That’s mercy.


  1. I adore this. I too gave up caring what other people think, apart from those I care dearly about, a long time ago. I am me, if you like that then that’s fantastic but if not, that’s up to you. Well written and fun to read. Love it. Xx

    Liked by 2 people

  2. I think caring about what others think of oneself is a human social construct I got attuned to because I definitely grew up in an environment where I was told by my parents to be aware of how I acted in front of people and what would people think. Of course I’m no longer that little kid but it’s difficult to undo years of the same repetitive thinking. It’s something I have, on some levels, been able to overcome. I literally used to be dead scared of eating in public because I felt incredibly anxious even attempting to reach up and put food in my mouth.

    You are right, most of the time it’s not really about what people will think, but it is about what the person in question is thinking. Such as, the fear of what people will think becoming inflated in the person’s mind, which is what I went through with the eating in public thing. I was constantly anticipating that people would react a certain way if they saw me eating and envisioning how horrible and embarrassed I would feel in response to that, however, the reality of what happened was not as extreme as what I was so afraid of happening.

    Liked by 2 people

  3. Such a beautiful piece of writing from an obviously gifted writer … I LOVE it, as with your other work, Ida!
    I was slower than you in realising that I didn’t need to care about what others thought! When that is the way you’ve felt all your life, it comes as a shock to suddenly realise that you are UNIQUE!! … They need to accept you, as you need to accept their uniqueness! … Can be life changing!!
    Congratulations again!

    Liked by 2 people

  4. You write from your heart and experience Ida which I admire. I’ve learnt a long time ago not to worry about what others think and proudly bring my kids up the same. My youngest especially is a firecracker who doesn’t take shit. Lol only myself to blame when we lock heads. From my experience you are more authentic when you have experience . Great writing 💕xx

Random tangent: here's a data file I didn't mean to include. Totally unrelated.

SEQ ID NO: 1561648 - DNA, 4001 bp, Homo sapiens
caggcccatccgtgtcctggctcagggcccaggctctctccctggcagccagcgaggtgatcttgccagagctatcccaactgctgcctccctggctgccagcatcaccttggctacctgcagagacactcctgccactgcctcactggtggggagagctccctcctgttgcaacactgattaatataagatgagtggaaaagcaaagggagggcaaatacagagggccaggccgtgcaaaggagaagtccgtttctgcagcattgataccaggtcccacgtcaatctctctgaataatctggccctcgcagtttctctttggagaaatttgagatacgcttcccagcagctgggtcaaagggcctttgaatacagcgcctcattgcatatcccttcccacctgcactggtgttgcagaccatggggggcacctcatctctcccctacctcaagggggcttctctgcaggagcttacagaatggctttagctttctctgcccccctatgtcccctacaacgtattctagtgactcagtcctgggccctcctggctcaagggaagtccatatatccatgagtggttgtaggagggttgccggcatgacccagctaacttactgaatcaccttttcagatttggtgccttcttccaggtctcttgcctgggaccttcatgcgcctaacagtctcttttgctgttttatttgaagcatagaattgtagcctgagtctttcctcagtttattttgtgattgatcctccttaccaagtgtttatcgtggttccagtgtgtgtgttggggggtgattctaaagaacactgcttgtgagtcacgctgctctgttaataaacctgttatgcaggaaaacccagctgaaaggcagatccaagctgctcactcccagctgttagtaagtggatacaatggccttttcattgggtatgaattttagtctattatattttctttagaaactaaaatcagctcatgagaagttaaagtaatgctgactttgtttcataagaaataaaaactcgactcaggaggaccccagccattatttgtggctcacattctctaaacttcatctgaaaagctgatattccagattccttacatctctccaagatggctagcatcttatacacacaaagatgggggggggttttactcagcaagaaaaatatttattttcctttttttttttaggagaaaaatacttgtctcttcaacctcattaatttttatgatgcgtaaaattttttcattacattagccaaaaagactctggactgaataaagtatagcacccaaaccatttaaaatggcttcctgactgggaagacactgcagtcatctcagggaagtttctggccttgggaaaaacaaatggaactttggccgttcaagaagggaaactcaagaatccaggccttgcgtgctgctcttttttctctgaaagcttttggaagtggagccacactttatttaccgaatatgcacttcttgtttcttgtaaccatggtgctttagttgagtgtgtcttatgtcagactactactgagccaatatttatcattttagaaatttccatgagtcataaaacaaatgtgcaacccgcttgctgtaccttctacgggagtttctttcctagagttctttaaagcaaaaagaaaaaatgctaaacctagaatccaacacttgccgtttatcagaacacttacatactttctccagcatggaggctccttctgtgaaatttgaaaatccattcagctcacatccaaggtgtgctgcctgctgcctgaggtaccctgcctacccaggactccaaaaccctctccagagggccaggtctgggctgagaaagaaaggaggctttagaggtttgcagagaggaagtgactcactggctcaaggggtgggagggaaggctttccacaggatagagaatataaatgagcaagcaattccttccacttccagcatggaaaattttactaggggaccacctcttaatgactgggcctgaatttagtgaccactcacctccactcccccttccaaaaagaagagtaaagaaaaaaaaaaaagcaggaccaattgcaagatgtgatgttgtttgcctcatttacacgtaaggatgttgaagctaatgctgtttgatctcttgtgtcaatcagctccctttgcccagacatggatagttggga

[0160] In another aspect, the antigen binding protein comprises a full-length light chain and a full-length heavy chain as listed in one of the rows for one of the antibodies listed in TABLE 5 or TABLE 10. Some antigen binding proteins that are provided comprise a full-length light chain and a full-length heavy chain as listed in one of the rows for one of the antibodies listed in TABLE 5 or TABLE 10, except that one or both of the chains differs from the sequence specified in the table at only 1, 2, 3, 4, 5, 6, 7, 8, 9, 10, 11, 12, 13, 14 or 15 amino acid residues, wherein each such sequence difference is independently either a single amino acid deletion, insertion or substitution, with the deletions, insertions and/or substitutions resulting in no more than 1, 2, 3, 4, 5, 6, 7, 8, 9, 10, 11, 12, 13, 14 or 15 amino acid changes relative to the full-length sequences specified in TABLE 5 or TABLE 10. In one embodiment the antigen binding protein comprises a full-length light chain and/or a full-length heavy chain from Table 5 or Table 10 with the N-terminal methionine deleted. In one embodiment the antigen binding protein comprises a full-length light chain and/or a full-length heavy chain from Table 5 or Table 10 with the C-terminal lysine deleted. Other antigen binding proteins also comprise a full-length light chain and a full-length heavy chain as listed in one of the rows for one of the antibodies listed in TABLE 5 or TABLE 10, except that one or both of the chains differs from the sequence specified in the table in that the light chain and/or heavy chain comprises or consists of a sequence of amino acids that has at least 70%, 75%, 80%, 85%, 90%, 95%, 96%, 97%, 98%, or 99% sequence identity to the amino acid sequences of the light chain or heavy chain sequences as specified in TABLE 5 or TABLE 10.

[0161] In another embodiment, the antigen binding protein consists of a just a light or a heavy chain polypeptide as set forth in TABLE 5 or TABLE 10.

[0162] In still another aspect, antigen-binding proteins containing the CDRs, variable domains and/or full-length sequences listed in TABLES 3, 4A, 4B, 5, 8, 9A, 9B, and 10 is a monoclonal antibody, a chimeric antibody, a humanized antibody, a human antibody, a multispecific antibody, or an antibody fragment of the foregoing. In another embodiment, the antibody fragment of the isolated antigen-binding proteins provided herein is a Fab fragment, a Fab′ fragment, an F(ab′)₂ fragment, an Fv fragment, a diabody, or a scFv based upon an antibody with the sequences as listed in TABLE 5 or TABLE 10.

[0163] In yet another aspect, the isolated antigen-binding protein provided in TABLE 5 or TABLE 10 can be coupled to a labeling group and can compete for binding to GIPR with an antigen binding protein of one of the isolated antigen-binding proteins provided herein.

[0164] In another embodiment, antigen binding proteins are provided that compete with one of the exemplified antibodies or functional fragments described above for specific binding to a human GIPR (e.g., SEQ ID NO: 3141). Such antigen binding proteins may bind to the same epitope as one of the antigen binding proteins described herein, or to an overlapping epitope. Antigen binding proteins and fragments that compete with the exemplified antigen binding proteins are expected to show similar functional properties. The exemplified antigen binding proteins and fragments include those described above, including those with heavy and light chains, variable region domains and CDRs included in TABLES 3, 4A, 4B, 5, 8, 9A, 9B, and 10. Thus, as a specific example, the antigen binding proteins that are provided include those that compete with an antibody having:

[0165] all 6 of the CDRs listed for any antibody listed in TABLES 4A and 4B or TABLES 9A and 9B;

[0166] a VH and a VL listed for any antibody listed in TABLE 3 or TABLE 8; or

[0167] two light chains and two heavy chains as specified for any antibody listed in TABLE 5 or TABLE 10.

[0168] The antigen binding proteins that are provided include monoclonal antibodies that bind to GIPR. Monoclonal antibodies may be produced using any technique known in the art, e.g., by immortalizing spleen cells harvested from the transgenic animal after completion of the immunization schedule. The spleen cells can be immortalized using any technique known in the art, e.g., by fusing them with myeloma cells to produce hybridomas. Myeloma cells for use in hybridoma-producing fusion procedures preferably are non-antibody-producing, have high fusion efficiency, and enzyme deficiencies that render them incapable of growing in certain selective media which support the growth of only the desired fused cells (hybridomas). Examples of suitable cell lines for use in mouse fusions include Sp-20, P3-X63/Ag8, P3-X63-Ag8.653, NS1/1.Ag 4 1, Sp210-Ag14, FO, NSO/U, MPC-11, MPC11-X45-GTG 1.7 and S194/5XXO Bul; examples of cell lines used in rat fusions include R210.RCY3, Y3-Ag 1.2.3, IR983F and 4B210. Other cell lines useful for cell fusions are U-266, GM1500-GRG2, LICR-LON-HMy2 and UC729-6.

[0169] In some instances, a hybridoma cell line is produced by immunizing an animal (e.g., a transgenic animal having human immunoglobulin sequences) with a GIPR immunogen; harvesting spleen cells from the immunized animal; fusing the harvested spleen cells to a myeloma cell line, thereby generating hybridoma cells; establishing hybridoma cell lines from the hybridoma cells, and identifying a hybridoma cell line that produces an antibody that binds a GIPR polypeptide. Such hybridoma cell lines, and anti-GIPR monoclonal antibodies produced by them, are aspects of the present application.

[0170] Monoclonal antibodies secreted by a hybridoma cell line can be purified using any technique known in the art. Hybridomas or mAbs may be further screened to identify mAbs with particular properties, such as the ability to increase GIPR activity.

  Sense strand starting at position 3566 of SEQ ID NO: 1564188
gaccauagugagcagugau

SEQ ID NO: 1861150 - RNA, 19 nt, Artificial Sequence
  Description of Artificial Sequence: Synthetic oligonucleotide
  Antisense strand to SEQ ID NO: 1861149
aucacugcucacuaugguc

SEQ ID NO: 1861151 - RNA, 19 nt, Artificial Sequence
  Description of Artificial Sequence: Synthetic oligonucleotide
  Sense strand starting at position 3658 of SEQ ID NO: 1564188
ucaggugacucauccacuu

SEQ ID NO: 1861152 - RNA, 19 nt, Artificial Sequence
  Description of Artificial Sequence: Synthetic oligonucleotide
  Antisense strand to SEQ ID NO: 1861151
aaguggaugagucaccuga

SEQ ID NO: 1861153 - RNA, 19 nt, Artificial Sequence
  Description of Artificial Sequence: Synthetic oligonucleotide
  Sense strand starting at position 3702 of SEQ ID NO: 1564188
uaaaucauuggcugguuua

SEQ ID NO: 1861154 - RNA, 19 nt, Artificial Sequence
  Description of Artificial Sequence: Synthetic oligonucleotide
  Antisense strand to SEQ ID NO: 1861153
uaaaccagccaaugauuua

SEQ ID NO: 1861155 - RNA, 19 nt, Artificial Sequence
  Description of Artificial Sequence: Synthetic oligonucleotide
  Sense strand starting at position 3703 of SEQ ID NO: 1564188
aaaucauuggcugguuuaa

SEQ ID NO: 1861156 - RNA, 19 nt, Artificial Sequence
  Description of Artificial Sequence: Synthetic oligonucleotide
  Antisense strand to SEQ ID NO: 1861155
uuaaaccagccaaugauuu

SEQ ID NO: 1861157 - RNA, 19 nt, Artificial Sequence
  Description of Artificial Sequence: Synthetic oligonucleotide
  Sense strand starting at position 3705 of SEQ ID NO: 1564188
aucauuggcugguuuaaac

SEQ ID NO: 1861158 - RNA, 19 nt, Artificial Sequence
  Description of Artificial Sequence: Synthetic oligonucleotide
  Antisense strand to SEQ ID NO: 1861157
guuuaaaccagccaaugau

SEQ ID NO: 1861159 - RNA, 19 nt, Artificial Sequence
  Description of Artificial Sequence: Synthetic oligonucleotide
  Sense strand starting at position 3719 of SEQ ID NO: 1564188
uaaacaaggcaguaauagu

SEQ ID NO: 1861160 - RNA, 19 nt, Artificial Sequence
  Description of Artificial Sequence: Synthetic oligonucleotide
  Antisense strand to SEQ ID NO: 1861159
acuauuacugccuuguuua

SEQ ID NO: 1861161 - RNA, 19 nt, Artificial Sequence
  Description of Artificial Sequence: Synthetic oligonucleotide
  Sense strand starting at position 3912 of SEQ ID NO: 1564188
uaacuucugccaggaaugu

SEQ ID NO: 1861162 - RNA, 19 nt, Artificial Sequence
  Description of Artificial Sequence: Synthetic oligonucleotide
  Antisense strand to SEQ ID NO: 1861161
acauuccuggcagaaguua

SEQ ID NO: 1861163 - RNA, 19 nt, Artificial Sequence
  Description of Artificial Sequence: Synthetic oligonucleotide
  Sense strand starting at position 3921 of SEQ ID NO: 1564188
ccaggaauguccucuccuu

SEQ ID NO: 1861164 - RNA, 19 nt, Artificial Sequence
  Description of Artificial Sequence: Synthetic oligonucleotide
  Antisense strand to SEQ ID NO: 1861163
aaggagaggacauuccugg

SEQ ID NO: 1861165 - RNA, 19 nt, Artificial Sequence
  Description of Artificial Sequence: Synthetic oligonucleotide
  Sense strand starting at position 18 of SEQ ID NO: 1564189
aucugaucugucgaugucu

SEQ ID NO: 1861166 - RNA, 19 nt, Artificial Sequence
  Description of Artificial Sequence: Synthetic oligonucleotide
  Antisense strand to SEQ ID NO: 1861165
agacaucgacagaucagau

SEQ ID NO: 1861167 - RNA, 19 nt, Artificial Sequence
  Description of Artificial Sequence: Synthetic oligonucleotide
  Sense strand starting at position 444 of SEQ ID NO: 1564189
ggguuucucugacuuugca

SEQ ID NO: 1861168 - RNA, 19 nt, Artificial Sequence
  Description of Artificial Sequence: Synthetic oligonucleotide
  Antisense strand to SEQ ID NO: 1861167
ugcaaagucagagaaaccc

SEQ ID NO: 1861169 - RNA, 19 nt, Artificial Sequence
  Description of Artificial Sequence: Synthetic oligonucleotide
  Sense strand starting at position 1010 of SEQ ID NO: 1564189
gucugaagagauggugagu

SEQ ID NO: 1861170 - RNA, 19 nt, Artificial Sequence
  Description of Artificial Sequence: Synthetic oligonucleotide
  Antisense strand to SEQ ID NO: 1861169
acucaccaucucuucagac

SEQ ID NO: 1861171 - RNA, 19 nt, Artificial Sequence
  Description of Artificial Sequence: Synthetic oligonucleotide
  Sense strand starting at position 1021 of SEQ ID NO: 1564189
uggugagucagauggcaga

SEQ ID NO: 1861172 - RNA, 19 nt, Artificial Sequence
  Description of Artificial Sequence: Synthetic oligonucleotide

Liked by 2 people

  5. This is awesome, thank you for sharing. Your style of writing is so relatable and down to earth, I love it. I can relate to being the oddball growing up, and I often feel that way as an adult. Why else would I tell my friend at her baby shower that babies are born without kneecaps? I’ve learnt not to give a shit what anyone thinks of me and it’s great to read from another mental health blogger who thinks the same way! Katie x

    Liked by 2 people

  6. I think the biggest gift we can give ourselves is not to give a flying fuck about what others think of us. That doesn’t mean we can be total assholes, and thoughtless – but hell, if it isn’t hurting anyone – it’s open season. For me, one of the greatest moments of freedom was dying my hair blue and purple. It doesn’t mater that I’m “too old” for such things. It makes me smile when I look in the mirror. Most of the people I know make snarky comments on this choice. They can screw themselves with a barbed wire chainsaw dipped in napalm. I do this for ME, not them.

    Liked by 1 person